HM Prison Lewes

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HMP Lewes
Lewes Prison from castle.JPG
Lewes Prison seen from the castle
LocationLewes, East Sussex
Security classAdult Male/Local
Population723 (as of August 2008)
Managed byHM Prison Services
GovernorStephen Fradley
WebsiteLewes at

HM Prison Lewes is a local category B prison located in Lewes in East Sussex, England. The term local means that the prison holds people on remand to the local courts, as well as sentenced prisoners. The prison is operated by Her Majesty's Prison Service.


Lewes is a Victorian prison, built in 1853. One of its first uses was to hold three hundred Finnish grenadiers as part of the Crimean War. The guards had been captured defending Bomarsund Fortress on the Åland Islands in the Baltic Sea. The grenadiers were later released and repatriated to Finland.

Another early prisoner at Lewes was George Witton, a Lieutenant in the Bushveldt Carbineers in the Boer War in South Africa. He was imprisoned after being implicated in the shooting murder of Boer prisoners. While imprisoned in the UK from 1902, George Ramsdale Witton wrote the book "Scapegoats of the Empire". After some time Winston Churchill, himself a former prisoner of the Boers during the war, put a number of parliamentary questions to the Colonial Secretary about Witton’s ongoing incarceration. The campaign for Witton's release was successful and Witton was pardoned by King Edward VII and was freed on 10 August 1904. Witton then return to Australia where he was welcomed as a hero by the then Prime Minister of Australia, Alfred Deakin. The 1980 film "Breaker Morant" depicts the story of the court martial and conviction of Morant, Hancock and Witton.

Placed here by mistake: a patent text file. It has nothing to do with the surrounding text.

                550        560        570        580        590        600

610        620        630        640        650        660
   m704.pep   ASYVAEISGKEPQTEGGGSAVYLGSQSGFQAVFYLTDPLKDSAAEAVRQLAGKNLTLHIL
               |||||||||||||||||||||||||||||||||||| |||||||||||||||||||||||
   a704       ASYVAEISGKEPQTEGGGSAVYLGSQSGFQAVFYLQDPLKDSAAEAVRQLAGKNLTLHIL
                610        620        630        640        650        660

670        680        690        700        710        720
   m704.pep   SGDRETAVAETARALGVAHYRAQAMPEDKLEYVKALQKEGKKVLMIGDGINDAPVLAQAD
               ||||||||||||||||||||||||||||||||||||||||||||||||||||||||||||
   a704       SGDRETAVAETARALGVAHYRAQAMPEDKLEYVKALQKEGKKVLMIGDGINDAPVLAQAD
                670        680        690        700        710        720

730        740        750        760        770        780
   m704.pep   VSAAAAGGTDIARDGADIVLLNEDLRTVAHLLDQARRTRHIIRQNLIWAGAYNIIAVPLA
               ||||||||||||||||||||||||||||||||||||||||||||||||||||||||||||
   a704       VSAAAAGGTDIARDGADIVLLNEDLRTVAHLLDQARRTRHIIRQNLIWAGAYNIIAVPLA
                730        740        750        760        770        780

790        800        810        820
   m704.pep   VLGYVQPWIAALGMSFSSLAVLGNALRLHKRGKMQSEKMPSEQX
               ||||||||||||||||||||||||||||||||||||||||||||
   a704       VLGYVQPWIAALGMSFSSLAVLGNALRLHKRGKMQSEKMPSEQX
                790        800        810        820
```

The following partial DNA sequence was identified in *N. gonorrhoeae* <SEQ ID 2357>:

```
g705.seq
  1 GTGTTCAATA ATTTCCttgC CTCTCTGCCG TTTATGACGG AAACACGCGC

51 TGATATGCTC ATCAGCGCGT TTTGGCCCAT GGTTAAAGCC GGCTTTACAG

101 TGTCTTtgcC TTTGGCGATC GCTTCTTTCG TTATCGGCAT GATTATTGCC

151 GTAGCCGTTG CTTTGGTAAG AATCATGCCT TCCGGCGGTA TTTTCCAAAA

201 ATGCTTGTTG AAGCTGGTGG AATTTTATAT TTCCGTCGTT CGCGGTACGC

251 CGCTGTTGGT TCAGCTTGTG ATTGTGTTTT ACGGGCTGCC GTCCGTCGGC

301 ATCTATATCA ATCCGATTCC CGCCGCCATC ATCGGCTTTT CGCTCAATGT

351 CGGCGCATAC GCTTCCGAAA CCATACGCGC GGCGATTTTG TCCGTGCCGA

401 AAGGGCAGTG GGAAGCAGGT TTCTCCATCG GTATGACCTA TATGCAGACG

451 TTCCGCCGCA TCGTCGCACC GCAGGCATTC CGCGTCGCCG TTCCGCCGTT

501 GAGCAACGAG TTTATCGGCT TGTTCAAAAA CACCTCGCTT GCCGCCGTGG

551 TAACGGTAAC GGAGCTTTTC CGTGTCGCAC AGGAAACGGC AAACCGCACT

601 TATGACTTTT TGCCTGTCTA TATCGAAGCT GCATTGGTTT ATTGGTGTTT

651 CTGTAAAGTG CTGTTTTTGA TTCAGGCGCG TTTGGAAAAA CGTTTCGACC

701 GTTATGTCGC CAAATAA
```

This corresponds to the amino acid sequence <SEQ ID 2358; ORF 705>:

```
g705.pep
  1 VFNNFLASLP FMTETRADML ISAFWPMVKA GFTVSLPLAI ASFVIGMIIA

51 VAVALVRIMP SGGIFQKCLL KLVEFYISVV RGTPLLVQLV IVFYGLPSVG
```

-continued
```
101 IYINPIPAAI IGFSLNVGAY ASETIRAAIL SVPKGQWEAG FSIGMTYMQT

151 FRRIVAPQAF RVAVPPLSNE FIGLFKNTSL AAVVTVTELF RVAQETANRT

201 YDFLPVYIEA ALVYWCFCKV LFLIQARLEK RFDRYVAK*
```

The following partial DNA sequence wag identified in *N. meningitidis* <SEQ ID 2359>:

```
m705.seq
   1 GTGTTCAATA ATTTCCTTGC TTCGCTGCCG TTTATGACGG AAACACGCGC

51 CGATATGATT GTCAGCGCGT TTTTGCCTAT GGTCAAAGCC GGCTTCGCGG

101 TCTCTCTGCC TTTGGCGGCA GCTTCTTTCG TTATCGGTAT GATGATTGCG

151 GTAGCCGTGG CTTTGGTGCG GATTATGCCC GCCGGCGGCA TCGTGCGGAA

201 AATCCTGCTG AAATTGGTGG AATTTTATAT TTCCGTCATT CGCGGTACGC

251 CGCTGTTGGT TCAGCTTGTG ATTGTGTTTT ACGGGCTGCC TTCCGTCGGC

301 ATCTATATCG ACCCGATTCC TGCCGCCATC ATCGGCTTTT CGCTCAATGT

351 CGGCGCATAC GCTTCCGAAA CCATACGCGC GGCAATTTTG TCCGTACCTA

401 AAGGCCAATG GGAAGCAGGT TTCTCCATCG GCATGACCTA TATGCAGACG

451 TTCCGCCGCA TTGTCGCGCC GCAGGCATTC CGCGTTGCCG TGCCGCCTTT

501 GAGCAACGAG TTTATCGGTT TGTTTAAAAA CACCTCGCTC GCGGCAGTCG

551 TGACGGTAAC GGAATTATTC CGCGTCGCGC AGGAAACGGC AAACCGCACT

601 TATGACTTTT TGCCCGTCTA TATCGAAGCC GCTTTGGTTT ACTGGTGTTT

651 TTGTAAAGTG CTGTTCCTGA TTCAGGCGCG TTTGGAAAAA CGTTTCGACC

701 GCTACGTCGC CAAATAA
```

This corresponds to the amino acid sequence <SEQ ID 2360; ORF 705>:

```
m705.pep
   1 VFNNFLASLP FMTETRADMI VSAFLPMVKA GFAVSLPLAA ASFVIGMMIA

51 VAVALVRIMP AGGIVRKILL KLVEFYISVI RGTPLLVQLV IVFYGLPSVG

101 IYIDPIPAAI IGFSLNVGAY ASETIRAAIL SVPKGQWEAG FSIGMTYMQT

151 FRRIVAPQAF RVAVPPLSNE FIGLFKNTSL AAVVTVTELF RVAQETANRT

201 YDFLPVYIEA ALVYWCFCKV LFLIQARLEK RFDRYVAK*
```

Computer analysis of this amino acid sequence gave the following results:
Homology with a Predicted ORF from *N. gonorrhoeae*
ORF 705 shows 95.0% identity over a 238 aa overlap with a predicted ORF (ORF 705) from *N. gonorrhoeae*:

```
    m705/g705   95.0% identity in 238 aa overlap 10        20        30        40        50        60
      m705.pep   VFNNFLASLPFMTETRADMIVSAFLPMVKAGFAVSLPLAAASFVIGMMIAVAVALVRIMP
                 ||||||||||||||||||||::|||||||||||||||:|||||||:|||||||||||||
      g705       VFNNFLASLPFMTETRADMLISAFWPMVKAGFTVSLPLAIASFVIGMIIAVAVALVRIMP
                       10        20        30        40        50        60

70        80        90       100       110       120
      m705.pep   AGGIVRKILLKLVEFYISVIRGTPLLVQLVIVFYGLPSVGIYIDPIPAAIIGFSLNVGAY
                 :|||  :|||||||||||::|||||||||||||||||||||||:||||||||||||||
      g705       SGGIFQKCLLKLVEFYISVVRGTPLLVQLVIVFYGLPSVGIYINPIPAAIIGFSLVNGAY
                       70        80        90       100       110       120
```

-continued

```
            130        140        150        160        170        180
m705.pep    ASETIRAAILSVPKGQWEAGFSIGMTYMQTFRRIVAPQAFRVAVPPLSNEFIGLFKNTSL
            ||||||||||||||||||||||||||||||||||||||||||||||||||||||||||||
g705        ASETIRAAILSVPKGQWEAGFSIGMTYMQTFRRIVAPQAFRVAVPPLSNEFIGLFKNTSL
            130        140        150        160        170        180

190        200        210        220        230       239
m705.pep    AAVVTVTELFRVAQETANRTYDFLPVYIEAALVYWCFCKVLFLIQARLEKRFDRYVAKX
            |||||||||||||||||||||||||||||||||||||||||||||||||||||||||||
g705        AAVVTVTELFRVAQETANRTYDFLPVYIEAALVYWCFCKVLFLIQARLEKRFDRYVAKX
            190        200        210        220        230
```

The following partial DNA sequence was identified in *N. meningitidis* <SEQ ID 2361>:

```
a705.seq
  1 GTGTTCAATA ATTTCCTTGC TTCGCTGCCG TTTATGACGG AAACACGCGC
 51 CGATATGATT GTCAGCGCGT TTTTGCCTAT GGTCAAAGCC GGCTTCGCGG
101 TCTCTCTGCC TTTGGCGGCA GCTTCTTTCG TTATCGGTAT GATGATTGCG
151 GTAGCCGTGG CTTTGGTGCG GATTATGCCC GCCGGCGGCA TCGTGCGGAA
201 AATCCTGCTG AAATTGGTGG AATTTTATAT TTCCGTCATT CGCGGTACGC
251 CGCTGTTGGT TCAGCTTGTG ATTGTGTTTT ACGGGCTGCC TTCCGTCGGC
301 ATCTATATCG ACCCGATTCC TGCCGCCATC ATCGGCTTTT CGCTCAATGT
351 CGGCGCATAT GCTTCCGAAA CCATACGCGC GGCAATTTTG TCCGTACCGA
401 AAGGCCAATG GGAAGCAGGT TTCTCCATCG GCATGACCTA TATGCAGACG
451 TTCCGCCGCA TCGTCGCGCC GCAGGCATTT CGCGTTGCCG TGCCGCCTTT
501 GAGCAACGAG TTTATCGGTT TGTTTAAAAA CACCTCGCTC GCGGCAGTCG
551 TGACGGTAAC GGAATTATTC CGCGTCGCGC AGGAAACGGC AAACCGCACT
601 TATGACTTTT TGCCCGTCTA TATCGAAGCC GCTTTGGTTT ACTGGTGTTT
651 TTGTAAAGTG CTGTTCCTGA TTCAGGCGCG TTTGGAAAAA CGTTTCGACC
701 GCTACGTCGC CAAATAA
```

During the 1916 Easter Rising in Ireland, several prominent figures involved in it were held at Lewes Prison, including Éamon de Valera (1882–1975); Thomas Ashe (1885–1917); Frank Lawless (1871–1922); and Harry Boland (1887–1922).

A £1 million healthcare suite opened in the prison in June 2004, with facilities to treat physically ill prisoners and a 19-bed unit for assessing mental health.[1]

In February 2008, an inspection report from Her Majesty's Chief Inspector of Prisons stated that one wing in Lewes Prison needed to be refurbished urgently after inspectors found that inmates had to eat their meals on toilets. The report also stated that anti-bullying and suicide prevention procedures at the prison were weak. However, inspectors found that vulnerable prisoners felt safe, and that the prison was decent overall.[2] Two months later a new accommodation block for 174 inmates was opened at the prison, with a commitment from prison management to refurbish older wings at Lewes within the following 12 months.[3]

On 10 April 1852, Sarah Ann French was the last female to be hung at the prison for her crime of murdering her husband William French, the murder known in East Sussex as the Onion Pie Murder. [4]


In October 2003, after 25 to 30 prisoners were involved in a riot just before nightly lock-up that led to property damage and the injury of an officer, officials launched an inquiry.[5]